The giant shadow that Fleming Island cast upon 3A-District 1 has moved on, and the knights that did their best to topple the giant appear to top the heap in the district this season.
And under the direction of a first-year head coach in Rory Roderick, Oakleaf’s kids spent a lot of time in the Fleming off-season academy room this spring and summer. That, and the numbers that the Knights could bring back this season, give Oakleaf a slight leg up going into 2021-22.
With former coach Marcus Miller focusing solely upon athletic director responsibilities this year, the Clay Knights have taken to the offseason work ethic that Roderick has maintained, after a season in which Oakleaf was third in both District 1 dual and traditional series, going on to place ninth at Region 1.
The Knights can call upon as many as 13 projected key returners, led by a pair of state qualifiers in senior Marcus McGee (126 last year) and junior Isaiah Shevchook (195 in 2020-21). Of that group, which also includes sophomore girls’ state medalist Jazzmine Moore (4th at 184), four additional wrestlers had Region 1 experience last year.
That isn’t to say that there aren’t questions to answer. Of the 13 Oakleaf projected returners, six didn’t compete in the February post-season. Additionally, the Knights did lose seven May graduates, four with region experience and two of those four with state experience.
Creekside will be right there should the Clay Knights falter in any way. The St Johns Knights actually had the better post-season run, particularly in the traditional series, as Creekside was second to Fleming at districts, and finished seventh at Region 1, with three state qualifiers.
Of those three, just senior Diego Rivera (152 in February) returns for this year’s group, which numbers as many as 12 projected key returners from a year ago. Five of those returners got to Saturday at regions. The bookends appear to be Creekside’s incoming strength, at least in terms of experienced kids returning and having nailed down spots to which they should return.
But Creekside does have to overcome eight graduation losses; five of those eight got to regions and two reached the state tournament. The Knights’ returners in the middle, other than Rivera and one other senior, didn’t get much mat time in part-time roles, and will have to mature quickly to match the intensity that the Creekside bookends will bring.
For several reasons and seasons now, Mandarin’s been a team of interest for us (Editor’s Note: we were a Mustang parent for three years, though not of an athlete) and this year is promising to be the most exciting for the group since the site began, what with not one but two returning state medalists in seniors Tony Carter (4th at 182 last year) and Jameel Smith (6th at 132). Those two headline a group of seven key returners, six of which had region experience, that also got a fair amount of offseason work in, a first in our recollection.
But even with losing four seniors — all region competitors, one of them a state qualifier — to graduation, there’s still the question of filling a lineup that continued to plague Mandarin in prior years. The Mustangs compensated for that in great measure behind their individual star power, but in order to feed the ambitions that star power started feeding, they’ve got to fill a lineup and the new parts of that lineup need to get up to speed, and quickly.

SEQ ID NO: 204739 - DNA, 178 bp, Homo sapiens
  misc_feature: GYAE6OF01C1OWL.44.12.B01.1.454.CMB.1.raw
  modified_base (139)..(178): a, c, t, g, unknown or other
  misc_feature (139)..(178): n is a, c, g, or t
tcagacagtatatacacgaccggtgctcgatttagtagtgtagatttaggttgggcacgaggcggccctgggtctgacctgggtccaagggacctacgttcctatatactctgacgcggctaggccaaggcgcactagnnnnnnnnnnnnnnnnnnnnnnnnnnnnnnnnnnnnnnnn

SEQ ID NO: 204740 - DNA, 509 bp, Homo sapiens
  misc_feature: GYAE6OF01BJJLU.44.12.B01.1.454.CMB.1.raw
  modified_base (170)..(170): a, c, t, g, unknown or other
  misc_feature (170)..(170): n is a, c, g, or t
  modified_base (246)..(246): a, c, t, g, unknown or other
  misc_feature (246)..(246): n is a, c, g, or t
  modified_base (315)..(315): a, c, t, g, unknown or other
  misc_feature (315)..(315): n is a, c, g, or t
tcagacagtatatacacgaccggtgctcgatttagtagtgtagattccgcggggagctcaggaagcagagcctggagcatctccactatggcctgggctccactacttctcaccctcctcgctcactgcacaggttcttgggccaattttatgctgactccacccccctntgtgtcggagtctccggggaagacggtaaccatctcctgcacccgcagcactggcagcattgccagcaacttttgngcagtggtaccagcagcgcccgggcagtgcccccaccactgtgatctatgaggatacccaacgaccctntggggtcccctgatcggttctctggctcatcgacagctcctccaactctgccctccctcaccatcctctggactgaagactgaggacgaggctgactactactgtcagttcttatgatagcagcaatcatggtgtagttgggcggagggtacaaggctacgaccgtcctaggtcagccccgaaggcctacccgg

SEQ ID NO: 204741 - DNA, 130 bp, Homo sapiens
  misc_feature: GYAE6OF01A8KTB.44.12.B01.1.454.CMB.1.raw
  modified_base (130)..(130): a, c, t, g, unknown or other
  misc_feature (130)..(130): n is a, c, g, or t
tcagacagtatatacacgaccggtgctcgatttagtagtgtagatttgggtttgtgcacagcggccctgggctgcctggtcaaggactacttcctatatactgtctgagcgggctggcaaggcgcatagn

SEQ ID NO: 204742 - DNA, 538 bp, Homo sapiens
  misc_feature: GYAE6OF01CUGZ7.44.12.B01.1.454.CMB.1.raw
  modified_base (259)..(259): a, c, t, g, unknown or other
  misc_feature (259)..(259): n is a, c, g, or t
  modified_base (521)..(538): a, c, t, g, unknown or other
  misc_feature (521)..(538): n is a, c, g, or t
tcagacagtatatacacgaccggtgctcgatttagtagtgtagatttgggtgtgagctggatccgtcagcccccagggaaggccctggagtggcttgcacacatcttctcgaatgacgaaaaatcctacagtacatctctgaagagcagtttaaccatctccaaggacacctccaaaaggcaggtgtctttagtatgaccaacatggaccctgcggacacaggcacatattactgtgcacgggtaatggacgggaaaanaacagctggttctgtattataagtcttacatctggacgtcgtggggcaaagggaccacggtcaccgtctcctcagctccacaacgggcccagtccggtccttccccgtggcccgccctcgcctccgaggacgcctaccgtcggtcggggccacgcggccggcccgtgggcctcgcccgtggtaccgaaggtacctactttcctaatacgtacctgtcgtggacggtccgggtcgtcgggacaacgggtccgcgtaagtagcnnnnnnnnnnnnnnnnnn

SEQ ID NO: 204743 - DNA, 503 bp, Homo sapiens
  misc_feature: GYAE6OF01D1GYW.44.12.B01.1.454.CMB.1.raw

We’d had more hopes for Bartram Trail last year, and while they did have one boys medalist in junior Ethan Vugman (4th at 106 last year), the Bears went from runners-up in duals down to fifth for the IBT portion, with injuries and other mishaps keeping several regular-season starters out of the post-season lineup.
While Bartram only lost three to graduation, including girls medalist Talia Megas (6th at 140 last year), the Bears do have 12 key returners back from last year’s team. However, including Vugman, just four of those returners had region experience last year. More of the returners came from the lower half of the lineup, but we didn’t see much in off-season work from that group, other than Vugman, plus one other upperweight.
Among teams that I project for now in the bottom half, I’d give Nease the nod for now based upon projected returning numbers alone. The St Johns Panthers lost just two graduates from last year’s team, but took a hit with 2x girls’ state placer Brielle Bibla (3rd at 106 in February) moving over to Tocoi Creek for her final two seasons. Still, though, Nease could have as many as 10 key kids back this year, four with Region 1 experience, and that number advantage might be enough.
First Coast returns to 3A after a two-year hiatus in 2A-District 3, and the Buccaneers have to rebuild quite a bit after losing five region qualifiers to graduation. Of the five possible key returners from last year’s side, just one had region experience, and it was a pretty quick experience. First Coast had some solid efforts, particularly at Gateway, but finishing in the top third in that tournament again this year might be difficult.
If there’s a surprise in the district, Sandalwood might just be that surprise. The Saints lost their top two kids to graduation, including 3A state 3rd Dante Rigal at 126, and have just two potential key returners back, but the coaching staff will be quite energetic, and that could encourage new blood to give the sport a try. Atlantic Coast got a few new kids out last year, but a general lack of mat time was an issue in getting those new kids seasoning, and the Stingrays have at most three key returners to call on as the season begins this year.
Projected finish: 1. Oakleaf. 2. Creekside. 3. Mandarin. 4. Bartram Trail. 5. Nease. 6. First Coast. 7. Sandalwood. 8. Atlantic Coast.
CAPSULES HERE: 3A-DISTRICT 1 CAPSULES